I think you are confusing cause and consequence as they relate to latency.
A satellite connection has high latency. That's an inescapable effet of the distance the signal has to travel to reach the satellite (typically in geostationary orbit), even at the speed of light.
This affects TCP connections most because TCP acknowledges packets as they are received, and imposes a limit on the number of bytes that can be "in flight" between the endpoints at any given time. This is the TCP window, and it determines the max bandwidth for a single TCP session on your link as WindowSize /latency. As the latency increases, the max bandwidth for your session decreases.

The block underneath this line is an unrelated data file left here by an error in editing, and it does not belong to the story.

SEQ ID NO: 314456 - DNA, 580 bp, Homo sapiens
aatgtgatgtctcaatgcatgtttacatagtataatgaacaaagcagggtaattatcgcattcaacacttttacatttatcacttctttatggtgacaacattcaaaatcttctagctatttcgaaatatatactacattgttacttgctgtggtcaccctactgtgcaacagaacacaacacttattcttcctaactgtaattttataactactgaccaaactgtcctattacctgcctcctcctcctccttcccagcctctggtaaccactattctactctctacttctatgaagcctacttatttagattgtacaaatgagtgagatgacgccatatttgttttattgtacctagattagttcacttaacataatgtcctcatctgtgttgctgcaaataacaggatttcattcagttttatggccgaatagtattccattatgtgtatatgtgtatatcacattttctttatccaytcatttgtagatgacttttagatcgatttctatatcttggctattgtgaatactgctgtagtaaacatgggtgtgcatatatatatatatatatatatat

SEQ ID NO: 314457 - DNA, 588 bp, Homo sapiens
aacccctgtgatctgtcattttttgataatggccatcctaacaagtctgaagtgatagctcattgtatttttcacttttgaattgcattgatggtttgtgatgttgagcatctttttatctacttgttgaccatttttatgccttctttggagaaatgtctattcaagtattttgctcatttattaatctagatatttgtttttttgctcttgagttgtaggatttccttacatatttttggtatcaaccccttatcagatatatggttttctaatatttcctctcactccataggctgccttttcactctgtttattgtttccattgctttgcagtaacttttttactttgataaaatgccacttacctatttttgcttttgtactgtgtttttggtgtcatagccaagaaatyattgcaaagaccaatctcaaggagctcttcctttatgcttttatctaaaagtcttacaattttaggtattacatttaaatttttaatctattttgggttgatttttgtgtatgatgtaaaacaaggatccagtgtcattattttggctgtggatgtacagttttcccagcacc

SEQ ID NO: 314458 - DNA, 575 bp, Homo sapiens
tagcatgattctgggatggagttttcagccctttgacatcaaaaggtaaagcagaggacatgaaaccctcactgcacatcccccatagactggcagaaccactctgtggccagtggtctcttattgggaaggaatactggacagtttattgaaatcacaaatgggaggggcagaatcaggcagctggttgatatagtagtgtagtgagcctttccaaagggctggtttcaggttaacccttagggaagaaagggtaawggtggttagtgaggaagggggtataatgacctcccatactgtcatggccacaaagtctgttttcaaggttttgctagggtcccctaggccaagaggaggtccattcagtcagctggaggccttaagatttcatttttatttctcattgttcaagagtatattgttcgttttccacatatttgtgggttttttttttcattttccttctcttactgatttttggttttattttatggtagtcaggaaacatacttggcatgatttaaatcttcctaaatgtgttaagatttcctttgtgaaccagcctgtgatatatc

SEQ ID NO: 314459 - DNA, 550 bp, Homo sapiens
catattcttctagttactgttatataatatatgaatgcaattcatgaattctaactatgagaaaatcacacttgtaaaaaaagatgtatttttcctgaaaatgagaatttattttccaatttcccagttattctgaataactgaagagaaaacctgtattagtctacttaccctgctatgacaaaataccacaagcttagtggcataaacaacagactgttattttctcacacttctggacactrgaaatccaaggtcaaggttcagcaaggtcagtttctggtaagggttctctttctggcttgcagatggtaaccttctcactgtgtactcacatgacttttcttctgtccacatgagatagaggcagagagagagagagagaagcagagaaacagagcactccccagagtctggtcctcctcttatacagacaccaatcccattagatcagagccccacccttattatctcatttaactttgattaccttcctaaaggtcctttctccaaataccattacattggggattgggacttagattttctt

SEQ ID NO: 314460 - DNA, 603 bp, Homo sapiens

If you use UDP, you are no longer constrained by a limit like the TCP window size, so you can in theory reach a much higher bandwidth for that connection. However, the latency is still there, you have just avoided one of its effects.
Ultimately, if your application really needs TCP, typically because it requires high reliability of its data transfer, you will probably be better off tuning your TCP parameters than switching to UDP, because in the latter case you would end up having to reimplement reliability higher up the stack. There are a number of RFCs that deal with how to use TCP in high-latency environments, such as https://www.rfc-editor.org/rfc/rfc1323